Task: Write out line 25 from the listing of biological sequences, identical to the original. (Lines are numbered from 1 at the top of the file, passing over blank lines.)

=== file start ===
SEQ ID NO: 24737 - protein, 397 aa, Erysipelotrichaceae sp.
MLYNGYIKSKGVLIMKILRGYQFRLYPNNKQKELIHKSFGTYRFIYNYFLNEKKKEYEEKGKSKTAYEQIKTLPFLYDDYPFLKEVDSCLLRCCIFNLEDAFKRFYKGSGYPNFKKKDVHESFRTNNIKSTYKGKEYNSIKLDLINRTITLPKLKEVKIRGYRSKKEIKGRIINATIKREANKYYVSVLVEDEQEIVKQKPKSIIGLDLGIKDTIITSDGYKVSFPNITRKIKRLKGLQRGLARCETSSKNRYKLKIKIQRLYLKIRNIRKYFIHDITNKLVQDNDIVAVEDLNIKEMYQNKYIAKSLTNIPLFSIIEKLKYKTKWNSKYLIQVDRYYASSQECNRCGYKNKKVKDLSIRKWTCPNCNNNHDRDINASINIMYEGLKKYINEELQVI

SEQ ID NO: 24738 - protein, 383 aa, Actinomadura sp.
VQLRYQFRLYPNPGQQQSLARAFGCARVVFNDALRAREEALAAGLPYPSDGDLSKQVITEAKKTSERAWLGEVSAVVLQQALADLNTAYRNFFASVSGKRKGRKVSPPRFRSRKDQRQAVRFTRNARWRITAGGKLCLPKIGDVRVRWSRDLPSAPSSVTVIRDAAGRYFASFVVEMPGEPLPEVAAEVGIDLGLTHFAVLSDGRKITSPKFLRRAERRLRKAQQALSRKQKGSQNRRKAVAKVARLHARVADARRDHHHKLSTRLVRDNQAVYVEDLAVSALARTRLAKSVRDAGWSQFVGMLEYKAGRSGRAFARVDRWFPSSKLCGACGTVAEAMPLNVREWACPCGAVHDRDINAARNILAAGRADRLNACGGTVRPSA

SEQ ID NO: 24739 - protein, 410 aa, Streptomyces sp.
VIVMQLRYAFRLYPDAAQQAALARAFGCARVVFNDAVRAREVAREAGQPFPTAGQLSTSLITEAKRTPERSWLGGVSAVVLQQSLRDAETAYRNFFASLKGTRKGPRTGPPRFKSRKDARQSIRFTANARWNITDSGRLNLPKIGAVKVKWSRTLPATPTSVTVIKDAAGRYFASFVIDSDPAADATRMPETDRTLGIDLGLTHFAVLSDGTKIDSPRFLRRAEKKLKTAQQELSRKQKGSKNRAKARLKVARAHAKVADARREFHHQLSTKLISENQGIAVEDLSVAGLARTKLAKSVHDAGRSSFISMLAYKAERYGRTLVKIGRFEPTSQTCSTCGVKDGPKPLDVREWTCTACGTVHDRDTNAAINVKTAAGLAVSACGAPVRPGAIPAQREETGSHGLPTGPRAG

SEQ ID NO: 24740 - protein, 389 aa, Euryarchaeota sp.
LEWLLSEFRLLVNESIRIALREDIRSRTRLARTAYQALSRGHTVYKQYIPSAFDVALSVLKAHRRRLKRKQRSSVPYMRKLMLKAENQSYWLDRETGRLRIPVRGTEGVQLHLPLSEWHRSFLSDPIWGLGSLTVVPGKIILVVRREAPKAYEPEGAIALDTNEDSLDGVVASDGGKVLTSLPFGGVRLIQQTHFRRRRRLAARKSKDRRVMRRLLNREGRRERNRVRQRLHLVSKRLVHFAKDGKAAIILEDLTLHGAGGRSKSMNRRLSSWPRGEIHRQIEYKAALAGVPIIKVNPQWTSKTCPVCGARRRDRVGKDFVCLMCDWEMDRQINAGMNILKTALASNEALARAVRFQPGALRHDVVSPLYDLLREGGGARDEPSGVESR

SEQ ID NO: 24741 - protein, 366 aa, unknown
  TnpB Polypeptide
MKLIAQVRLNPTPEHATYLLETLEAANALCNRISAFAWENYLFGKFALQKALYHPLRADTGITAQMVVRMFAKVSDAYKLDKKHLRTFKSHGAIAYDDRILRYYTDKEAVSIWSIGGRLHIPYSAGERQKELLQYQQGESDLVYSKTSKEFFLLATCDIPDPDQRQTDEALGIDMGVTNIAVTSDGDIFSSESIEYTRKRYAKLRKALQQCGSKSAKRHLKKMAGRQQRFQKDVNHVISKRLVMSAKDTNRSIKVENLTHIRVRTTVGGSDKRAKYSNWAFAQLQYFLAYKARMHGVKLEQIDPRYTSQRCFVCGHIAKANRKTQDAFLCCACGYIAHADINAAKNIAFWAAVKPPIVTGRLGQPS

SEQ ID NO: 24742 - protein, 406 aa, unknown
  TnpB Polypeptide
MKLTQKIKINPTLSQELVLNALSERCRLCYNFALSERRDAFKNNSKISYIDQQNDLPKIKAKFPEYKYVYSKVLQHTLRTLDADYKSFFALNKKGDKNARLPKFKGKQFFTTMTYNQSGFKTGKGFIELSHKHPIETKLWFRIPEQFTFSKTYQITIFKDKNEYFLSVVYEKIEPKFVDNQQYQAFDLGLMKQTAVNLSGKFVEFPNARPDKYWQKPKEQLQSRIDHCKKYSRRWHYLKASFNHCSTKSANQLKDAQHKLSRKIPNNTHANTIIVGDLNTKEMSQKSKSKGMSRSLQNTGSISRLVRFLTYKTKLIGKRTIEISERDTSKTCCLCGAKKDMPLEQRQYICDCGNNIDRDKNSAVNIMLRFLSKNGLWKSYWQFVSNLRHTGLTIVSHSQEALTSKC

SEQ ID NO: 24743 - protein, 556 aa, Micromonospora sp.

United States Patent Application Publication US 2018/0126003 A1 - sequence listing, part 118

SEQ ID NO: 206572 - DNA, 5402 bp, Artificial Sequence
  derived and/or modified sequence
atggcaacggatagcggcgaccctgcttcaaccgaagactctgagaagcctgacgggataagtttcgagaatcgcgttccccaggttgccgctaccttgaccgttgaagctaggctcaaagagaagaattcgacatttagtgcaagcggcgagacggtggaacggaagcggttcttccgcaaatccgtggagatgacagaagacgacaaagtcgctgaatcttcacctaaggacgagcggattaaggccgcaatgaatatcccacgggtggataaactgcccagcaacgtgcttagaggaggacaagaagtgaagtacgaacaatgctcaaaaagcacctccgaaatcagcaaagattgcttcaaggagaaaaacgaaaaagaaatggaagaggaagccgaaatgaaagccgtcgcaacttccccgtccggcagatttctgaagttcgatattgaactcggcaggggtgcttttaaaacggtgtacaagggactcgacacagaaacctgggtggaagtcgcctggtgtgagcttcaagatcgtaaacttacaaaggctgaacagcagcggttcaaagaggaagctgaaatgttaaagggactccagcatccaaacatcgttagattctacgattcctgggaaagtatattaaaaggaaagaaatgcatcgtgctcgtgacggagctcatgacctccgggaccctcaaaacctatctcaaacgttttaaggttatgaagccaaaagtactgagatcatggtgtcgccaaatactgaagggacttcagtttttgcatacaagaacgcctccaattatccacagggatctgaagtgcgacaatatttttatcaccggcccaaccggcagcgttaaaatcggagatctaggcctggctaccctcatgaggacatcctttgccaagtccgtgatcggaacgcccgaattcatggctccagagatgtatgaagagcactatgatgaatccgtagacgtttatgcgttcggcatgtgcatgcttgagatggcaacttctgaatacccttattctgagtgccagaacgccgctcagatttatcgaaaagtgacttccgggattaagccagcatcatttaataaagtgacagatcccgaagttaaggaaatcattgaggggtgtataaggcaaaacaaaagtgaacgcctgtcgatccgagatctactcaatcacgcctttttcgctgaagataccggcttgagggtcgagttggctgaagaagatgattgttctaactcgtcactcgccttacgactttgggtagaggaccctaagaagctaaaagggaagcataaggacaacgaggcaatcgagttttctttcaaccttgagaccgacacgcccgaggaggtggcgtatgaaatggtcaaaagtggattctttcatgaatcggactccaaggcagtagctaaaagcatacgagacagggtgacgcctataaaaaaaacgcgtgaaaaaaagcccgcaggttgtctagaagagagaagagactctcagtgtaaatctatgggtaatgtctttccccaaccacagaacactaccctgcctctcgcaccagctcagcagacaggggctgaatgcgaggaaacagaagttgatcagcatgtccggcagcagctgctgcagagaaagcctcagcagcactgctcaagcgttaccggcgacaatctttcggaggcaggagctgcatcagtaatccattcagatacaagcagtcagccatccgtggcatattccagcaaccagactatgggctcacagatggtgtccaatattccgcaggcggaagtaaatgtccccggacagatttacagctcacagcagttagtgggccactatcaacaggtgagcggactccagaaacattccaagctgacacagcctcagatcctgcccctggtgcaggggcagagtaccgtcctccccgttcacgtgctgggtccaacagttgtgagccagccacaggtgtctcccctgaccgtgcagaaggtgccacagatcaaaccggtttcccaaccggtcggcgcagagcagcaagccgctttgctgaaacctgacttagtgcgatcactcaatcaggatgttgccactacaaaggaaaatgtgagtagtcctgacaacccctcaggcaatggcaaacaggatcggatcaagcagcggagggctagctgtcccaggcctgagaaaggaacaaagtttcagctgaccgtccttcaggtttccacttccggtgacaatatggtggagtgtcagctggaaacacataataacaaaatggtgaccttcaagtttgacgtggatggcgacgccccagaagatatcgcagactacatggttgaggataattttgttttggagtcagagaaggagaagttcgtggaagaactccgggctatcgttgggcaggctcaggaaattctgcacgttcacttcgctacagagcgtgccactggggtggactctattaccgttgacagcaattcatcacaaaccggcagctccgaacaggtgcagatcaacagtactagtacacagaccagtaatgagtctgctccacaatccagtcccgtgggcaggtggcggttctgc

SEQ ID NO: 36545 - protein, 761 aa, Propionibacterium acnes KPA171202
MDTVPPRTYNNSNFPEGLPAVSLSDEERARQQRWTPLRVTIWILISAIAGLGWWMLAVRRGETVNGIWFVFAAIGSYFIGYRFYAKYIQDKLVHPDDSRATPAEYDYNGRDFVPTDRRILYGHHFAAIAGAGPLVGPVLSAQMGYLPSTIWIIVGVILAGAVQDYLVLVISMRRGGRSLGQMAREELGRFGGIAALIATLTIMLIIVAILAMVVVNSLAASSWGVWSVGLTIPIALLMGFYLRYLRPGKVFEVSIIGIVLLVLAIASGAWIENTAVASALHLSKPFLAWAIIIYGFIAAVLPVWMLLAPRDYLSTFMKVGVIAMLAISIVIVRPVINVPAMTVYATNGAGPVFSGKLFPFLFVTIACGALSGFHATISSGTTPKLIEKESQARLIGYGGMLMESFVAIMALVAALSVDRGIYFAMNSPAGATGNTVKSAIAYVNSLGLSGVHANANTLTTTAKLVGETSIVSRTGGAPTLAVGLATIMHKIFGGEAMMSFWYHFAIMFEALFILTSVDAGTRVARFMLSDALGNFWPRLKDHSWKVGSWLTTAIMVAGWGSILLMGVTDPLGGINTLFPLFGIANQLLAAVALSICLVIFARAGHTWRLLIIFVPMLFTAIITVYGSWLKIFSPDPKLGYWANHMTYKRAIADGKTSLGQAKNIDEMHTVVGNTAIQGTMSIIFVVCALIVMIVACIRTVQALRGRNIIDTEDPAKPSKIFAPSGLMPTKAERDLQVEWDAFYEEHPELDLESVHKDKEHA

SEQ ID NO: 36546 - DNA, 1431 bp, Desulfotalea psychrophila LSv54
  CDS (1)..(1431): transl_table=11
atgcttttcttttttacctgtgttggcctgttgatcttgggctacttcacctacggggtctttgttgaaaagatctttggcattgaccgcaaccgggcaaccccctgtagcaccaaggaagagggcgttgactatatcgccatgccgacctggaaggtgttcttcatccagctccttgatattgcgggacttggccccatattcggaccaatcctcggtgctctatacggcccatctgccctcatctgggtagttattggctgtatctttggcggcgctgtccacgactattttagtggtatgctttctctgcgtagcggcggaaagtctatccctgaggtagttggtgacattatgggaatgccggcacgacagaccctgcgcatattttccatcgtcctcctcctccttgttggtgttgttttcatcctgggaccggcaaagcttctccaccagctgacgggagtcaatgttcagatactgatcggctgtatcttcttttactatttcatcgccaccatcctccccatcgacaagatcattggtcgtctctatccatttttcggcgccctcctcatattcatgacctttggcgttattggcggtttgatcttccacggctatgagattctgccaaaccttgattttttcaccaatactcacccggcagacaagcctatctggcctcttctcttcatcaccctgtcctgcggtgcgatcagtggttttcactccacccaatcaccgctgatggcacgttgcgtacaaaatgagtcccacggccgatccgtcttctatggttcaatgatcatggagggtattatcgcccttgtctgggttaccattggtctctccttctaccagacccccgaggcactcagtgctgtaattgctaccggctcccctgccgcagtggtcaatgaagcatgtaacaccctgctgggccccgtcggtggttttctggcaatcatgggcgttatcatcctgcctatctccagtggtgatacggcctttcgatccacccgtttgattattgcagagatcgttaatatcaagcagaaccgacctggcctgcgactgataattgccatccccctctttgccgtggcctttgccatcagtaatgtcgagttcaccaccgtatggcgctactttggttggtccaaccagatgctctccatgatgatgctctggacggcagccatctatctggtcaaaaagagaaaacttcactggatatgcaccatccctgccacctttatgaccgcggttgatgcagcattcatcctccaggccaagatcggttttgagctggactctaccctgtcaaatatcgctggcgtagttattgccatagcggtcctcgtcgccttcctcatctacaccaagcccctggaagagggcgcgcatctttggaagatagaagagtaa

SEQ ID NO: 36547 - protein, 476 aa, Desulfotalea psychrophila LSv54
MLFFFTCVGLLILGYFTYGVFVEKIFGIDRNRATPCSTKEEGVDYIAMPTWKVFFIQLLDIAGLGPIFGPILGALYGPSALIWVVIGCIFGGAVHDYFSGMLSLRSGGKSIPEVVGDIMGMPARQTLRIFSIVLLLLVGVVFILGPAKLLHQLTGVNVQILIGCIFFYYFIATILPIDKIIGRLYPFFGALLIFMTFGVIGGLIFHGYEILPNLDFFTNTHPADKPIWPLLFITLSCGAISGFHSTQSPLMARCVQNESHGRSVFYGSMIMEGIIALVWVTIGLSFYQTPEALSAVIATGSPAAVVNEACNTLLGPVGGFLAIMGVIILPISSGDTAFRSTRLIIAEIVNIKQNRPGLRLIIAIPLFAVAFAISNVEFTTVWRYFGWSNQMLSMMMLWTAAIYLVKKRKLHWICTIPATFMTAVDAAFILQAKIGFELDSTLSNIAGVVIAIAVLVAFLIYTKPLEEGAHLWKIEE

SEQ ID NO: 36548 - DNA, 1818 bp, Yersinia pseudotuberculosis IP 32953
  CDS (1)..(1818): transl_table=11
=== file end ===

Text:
SEQ ID NO: 36547 - protein, 476 aa, Desulfotalea psychrophila LSv54